Reactive vs Responsive Communication
We have all been there. We hadn't had our coffee yet, the dry cleaner lost part of our order, or we spent a week with our in laws...and we lost it. It looks different for everybody. Maybe you yell, maybe you storm off, maybe you say something you would not normally say. Whatever it looks like for you, we have all been there.
So where is there?
There is a reactionary state. A state in which our fight, flight, or freeze center of our brain (and sympathetic nervous system) has been activated by a perceived threat. When the treats are of real physical implication, this automatic reaction is helpful and even life preserving. But when we fly off the handle at a PTA meeting?...not so helpful.
If fact, our reactive sides can flare up in smaller, less noticeable ways in daily interactions and can be incredibly damaging to interpersonal relationships. Think about your last tense conversation with your spouse, employer, or teen. Now that you have some space from that interaction, is there anything you would do differently? Anything you might rephrase or omit completely? You might have been being reactive.
So what does it look like to be responsive?
To be present
Are you fully present in your conversations or are you multitasking, mentally checking your to do list, checking emails on your phone? To be present is to not only be present with our attention toward the other person but also toward ourselves. Being aware of any feelings, sensations, or thoughts during a conversation helps you stay present. A good way to start is by doing a body scan. Notice any tension or discomfort you might be holding and then ask yourself what feelings might be associated with these sensations.
Give yourself permission to not respond immediately. Ask for more time if you need it or just take a breath.
To use I-Statements
I-Statements are a way of communicating feelings and thoughts in a responsive way. The author of the statement claims ownership of their feelings and offers helpful information to the listener. They are structured like this: "I feel....when...I need..." I-Statements always start with "I feel" in order to take responsibility and ownership of ones feelings instead of blaming the other person. So instead of saying, "You made me sad" it is more effective to say "I feel sad." The "when" part is tricky. It is a time to give the listener a concrete example or time when you had a particular feeling. This is done best without judgement or interpretation and with merely facts. Example: I felt sad when you were a complete asshole. You can see the potential problems with this right? Name calling, judgement, lack of concrete examples. Try this instead: "I felt sad when you did not call me yesterday." The "I need" portion of the sentence is to give the listener more information on how they can better connect with you. Ask for what you need, but keep it realistic.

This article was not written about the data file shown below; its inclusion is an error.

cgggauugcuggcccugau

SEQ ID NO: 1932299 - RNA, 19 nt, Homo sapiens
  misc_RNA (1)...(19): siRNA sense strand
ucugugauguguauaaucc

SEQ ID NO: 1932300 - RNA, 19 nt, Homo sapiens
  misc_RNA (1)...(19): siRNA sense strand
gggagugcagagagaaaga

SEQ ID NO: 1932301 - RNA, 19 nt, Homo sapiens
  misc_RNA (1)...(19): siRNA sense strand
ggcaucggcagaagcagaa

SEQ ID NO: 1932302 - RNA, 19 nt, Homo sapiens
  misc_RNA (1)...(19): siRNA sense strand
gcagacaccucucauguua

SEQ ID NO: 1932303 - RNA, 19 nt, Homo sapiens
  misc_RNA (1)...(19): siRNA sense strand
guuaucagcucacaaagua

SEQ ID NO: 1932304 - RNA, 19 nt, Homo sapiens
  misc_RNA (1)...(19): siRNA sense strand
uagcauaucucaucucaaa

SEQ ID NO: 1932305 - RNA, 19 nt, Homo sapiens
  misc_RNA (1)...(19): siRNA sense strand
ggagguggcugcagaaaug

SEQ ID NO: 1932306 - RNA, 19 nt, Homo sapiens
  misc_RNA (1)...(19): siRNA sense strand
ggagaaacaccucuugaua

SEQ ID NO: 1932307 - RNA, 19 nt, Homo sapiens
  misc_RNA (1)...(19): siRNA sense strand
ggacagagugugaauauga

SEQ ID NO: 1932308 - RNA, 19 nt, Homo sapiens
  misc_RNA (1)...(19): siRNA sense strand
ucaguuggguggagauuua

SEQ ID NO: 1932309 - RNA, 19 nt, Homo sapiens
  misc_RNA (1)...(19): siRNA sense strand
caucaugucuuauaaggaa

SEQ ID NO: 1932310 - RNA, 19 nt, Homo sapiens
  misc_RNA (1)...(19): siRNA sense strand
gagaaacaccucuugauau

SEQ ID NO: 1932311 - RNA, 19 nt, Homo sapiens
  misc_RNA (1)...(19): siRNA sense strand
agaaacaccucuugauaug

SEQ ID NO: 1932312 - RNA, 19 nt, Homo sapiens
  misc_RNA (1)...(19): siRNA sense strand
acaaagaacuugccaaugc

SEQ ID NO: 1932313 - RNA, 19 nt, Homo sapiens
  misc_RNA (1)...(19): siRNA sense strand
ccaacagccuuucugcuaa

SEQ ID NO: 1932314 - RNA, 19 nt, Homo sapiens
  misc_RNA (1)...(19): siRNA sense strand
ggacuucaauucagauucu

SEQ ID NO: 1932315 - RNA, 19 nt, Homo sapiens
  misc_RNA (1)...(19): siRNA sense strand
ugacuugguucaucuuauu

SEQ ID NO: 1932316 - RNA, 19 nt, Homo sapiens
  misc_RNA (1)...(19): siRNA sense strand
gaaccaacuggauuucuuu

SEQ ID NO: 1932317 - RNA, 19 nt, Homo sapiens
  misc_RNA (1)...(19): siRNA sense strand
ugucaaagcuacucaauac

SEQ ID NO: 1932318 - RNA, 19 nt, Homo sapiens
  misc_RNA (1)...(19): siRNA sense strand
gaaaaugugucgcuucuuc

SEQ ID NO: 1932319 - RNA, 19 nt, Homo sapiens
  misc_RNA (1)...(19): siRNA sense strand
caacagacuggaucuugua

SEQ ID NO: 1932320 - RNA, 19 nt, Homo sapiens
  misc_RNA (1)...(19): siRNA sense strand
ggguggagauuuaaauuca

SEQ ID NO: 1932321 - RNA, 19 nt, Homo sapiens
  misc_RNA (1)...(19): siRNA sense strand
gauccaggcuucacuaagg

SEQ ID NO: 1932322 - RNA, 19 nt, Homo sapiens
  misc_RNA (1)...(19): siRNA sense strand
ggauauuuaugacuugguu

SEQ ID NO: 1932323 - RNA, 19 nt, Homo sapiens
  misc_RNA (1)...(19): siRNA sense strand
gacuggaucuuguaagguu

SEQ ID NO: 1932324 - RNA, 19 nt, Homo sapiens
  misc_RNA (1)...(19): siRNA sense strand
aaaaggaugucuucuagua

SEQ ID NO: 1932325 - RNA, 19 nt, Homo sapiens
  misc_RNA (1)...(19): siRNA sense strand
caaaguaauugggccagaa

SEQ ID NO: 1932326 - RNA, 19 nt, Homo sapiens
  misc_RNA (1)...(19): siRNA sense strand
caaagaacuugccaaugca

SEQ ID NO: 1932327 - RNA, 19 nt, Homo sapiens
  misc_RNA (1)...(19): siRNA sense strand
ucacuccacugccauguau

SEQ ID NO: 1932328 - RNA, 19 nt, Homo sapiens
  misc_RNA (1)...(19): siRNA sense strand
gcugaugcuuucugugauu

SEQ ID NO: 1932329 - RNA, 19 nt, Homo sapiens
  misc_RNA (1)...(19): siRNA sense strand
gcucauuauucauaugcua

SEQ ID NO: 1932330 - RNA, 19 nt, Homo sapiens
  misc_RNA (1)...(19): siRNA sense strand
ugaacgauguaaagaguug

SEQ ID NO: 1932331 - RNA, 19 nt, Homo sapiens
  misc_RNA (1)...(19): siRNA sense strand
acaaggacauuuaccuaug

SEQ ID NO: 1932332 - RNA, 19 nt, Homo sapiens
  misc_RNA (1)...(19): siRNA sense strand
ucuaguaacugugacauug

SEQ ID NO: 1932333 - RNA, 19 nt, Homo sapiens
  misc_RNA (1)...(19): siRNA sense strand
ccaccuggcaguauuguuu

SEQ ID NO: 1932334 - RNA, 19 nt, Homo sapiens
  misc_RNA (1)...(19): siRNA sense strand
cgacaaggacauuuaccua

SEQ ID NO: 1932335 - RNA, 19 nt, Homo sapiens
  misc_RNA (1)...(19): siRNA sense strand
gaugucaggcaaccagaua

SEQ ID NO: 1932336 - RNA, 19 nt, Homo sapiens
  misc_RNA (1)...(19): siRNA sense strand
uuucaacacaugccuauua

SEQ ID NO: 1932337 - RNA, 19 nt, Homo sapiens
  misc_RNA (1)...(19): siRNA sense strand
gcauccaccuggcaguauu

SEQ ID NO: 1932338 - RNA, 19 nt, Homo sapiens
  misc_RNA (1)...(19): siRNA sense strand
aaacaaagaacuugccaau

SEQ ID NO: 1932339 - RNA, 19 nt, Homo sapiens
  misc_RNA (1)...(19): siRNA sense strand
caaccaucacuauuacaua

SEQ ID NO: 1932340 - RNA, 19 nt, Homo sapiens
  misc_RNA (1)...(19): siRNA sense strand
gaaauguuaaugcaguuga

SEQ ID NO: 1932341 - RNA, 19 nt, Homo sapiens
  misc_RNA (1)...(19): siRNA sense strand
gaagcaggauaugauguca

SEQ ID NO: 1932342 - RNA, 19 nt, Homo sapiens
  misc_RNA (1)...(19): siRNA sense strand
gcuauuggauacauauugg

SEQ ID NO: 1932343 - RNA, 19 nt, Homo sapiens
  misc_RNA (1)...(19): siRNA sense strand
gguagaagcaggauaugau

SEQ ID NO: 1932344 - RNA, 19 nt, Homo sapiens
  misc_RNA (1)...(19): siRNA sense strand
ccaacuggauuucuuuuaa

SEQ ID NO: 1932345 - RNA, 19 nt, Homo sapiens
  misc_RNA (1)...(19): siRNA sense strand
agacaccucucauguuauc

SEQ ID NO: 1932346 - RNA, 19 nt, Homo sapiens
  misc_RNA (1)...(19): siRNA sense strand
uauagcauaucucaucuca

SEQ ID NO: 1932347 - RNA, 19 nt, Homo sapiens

To Look Under the Anger
Anger is most often a secondary emotion. When we blow up and are reactive we are often operating from anger. What if we were to look under the anger? What might we find? Sadness, rejection, loneliness, fear, resentment. Connecting with the underlying feelings and communicating from a place that acknowledges them will help facilitate more authentic communication and connection.